Loop protection

In cases where spanning tree protocols cannot be used to prevent loops at the edge of the network, loop protection may provide a suitable alternative. Loop protection can find loops in untagged layer 2 links, as well as on tagged VLANs.

The cases where loop protection might be chosen ahead of spanning tree to detect and prevent loops are:

  • On ports with client authentication: When spanning tree is enabled on a switch that uses 802.1X, web authentication, or MAC authentication, loops may go undetected. For example, spanning tree packets that are looped back to an edge port will not be processed because they have a different broadcast/multicast MAC address from the client-authenticated MAC address. To ensure that client-authenticated edge ports get blocked when loops occur, you should enable loop protection on those ports.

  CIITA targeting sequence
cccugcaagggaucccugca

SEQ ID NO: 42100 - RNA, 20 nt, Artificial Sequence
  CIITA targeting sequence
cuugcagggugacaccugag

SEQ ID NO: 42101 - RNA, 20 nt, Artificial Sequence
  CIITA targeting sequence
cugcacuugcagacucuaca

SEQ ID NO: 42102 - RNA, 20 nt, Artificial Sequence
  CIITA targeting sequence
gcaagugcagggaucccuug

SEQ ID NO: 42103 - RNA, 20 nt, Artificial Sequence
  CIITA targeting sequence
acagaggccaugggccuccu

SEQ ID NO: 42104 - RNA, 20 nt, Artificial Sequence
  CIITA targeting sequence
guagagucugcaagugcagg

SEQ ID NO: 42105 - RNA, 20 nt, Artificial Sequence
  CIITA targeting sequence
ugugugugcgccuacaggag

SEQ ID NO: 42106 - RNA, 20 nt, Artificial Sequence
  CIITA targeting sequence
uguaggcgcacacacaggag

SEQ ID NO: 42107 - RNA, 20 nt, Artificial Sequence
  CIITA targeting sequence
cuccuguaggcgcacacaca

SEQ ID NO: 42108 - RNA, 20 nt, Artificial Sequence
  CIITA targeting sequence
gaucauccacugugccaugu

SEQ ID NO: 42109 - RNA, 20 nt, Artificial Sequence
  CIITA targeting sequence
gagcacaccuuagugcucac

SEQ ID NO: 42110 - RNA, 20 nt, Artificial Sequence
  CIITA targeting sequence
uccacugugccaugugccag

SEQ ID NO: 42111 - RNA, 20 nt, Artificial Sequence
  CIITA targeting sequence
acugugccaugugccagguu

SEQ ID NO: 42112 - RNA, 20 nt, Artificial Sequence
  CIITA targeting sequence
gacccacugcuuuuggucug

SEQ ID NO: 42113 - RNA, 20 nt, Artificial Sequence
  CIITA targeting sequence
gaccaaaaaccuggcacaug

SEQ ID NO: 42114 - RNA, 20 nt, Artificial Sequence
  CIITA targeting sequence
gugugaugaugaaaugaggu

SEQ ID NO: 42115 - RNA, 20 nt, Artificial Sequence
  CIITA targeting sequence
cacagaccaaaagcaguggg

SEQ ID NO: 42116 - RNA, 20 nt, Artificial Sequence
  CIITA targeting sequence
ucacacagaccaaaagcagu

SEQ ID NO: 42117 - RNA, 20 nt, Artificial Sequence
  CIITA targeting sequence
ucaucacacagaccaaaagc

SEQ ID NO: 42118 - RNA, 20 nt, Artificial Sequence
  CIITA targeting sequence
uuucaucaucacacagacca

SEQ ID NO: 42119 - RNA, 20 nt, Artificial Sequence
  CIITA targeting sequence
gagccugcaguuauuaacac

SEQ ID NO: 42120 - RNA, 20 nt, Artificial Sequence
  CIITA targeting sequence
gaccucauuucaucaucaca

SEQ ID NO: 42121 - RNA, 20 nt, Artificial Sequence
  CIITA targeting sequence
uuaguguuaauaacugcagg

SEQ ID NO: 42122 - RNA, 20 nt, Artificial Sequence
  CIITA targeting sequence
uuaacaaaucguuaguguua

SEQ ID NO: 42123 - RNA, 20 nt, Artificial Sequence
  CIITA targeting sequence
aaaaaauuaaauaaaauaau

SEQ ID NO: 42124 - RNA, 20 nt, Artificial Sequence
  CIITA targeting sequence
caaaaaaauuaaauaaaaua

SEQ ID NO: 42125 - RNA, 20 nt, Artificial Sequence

• On ports connected to unmanaged devices: Spanning tree cannot detect the formation of loops where there is an unmanaged device on the network that does not process spanning tree packets and simply drops them. Loop protection has no such limitation, and can be used to prevent loops on unmanaged switches.

Loop protection finds loops by sending loop protection packets on each port, LAG, or VLAN on which loop protection is enabled. If a loop protection packet is received by the same switch that sent it, it indicates a loop exists and one of the following actions is taken:

  • Discovery of the loop is logged but port states are not changed.
  • The sending port is disabled.
  • The sending and receiving ports are both disabled.